UncategorizedThe digital ‘face’ of violence
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  • The digital ‘face’ of violence

    Digital technology has become an essential tool for our lives, yet every day we see new examples of how it undermines human rights.  The internet has proven to be a safer space for the offender ti act giving, providing an easy access to the victim, in the sense that the lack of direct contact with the victim facilitates in many cases the commission of the offence, while the lack of feeling of being reported or prosecuted enhances the confidence with which the offence is committed.

    Online sexual harassment,cyber stalking, cyberbullying, publishing images/video without consent, stalkerwares and spousewares, have all damaging consequences for a victim, and it is not hard to imagine the impact they have on women.  

    Legislative initiative to address online gender based violence  – European Parliament 

    Following the discussion in plenary taken place on Monday 13/12, on 14/12 Members of the European Parliament, voted in favor of the report of the legislative initiative for to address online gender based violence with 513 votes in favour, 122 against and 58 abstentions. Τhe report reiterates:

    ‣the EU’s lack of an adequate legal framework to combat the phenomenon, and to protect and support victims. A common definition of gender-based cyberviolence is needed in criminal law, say MEPs, as are harmonised minimum and maximum penalties.

    Parliament urges the Commission to criminalise gender-based cyberviolence, and calls for the Council to extend the list of ‘EU crimes’ – i.e. to officially recognise that gender-based violence is a particularly serious crime with a cross-border dimension.

    As the Parliament mentions, a non-exhaustive list of actions that the legislation should address includes:

    ⚪cyber harassment;

    ⚪cyber stalking;

    ⚪recording and sharing images of sexual assault;

    ⚪remote control or

    ⚪surveillance (including spy apps);

    ⚪threats and calls to violence;

    ⚪sexist hate speech;

    ⚪unlawful access to messages or social media accounts;

    ⚪breach of the prohibitions of communication imposed by courts.

    Istanbul Convention and Cyprus Legislation

    With Law No. 14(IIΙ) of 2017 Istanbul Convention was ratified and incorporated in Cyprus legal legislation. Among others, in Article 34(2) the Convention asks Members States to criminalize Stalking.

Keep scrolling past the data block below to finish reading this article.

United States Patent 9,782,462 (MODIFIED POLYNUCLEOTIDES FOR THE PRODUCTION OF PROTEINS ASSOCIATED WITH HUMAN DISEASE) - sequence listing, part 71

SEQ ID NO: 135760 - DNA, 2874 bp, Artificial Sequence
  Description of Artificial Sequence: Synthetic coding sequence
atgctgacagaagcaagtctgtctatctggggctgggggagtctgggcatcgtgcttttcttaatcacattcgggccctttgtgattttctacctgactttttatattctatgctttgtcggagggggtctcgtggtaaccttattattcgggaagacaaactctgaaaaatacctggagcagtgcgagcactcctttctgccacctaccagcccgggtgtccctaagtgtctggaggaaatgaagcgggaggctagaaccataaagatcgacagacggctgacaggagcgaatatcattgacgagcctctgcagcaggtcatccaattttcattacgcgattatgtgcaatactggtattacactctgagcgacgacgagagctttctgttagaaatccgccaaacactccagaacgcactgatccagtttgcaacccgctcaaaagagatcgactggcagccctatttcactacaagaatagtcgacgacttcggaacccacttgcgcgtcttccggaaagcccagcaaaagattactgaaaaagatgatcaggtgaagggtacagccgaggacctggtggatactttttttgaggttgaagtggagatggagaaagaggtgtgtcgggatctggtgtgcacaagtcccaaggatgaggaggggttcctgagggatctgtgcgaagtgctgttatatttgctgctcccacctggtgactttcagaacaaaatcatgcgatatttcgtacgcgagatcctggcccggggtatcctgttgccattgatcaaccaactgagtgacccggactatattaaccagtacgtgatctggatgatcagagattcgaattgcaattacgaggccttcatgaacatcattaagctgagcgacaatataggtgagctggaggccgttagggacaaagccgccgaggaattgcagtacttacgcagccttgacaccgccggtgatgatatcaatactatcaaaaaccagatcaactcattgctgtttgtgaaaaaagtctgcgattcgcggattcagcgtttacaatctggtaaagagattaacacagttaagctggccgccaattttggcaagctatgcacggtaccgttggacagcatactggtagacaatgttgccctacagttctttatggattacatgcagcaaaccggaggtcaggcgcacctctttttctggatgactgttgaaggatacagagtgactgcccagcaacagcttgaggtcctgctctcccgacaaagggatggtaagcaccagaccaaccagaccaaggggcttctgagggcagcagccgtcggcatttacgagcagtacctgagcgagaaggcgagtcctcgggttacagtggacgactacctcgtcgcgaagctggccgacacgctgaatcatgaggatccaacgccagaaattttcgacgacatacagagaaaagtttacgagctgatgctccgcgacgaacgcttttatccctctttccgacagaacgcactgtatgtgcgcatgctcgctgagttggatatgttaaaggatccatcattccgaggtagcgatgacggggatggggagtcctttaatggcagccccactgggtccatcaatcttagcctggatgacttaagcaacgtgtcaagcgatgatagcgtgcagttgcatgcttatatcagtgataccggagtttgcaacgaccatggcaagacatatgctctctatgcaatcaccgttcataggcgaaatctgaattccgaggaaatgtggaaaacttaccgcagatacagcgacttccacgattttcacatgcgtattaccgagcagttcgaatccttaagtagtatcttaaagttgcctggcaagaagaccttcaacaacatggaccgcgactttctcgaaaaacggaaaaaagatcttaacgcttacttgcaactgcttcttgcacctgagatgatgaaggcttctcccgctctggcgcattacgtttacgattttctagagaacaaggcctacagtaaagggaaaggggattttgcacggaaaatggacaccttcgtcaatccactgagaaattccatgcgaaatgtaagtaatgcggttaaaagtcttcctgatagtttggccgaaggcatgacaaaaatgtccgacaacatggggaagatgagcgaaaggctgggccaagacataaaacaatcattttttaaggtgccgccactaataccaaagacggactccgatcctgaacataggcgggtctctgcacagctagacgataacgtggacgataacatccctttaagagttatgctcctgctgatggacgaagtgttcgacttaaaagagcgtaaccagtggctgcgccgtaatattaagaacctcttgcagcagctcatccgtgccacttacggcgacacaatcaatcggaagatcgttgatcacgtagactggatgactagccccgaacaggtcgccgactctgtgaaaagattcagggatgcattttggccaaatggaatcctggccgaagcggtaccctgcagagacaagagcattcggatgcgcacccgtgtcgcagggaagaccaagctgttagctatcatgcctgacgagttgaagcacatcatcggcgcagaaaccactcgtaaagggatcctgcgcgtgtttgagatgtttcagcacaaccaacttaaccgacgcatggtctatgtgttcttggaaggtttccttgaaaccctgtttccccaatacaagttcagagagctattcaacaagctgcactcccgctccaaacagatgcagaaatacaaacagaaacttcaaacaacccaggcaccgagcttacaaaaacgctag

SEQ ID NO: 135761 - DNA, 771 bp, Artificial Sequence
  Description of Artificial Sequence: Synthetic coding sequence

To comply with the Convention, Cyprus enacted the Protection from Harassment and Stalking Law of 2021 which includes both the offence of stalking as well as stalking committed with the use of electronic means and internet taking the shape of Cyber Stalking. For these crimes, perpetrators are subject upon conviction to imprisonment for a term not exceeding 5 years or to a fine not exceeding €10.000 or to both. Read more on this Law here

    In particular the above Law on Protection from Harassment and Stalking of 2021 provides that: when a person, engages in a behaviour which constitutes stalking and cause harassment,whilst that person knows or ought to know that such behaviour causes harassment is guilty of a criminal offence, and upon conviction,such person is subject to imprisonment with a term not exceeding two (2) years or to a fine not exceeding five thousand euro (€5.000) or to both **

    A behaviour deemed to constitute stalking is inter alia:

    ⦿monitoring the use by a person of the internet, email or any other form of electronic communication or 

    ⦿sending material on social media which relate to the personal life of a victim or interfering with the victim’s internet posts / material ;

    ⦿surveillance and/or spying another person.[1]

    For now the term surveillance / spying is neither defined in the above law nor interpreted under case law. This would enable us to know whether spying personal data through (“spy apps”) falls within this offence. However interpreting the letter of the law somewhat broadly, we could state that spying through spy apps does fall within the term ‘spying’ of the above Article. 

    Cyber-violence – the new look of violence

    This is online aggressive behaviour that may result in physical, psychological or emotional threat to the victim.

    ECtHR Judgment 

    In an important, related and recent case an applicant woman complained through her application to the ECHR that the Russian authorities failed to protect her from repeated acts of cyber-violence from S. for at least three years; this included the publication of her intimate photographs without consent, impersonation through the creation of fake social-media profiles and tracking her with the use of a GPS device. She also complained that the authorities had failed to conduct an effective investigation into these acts.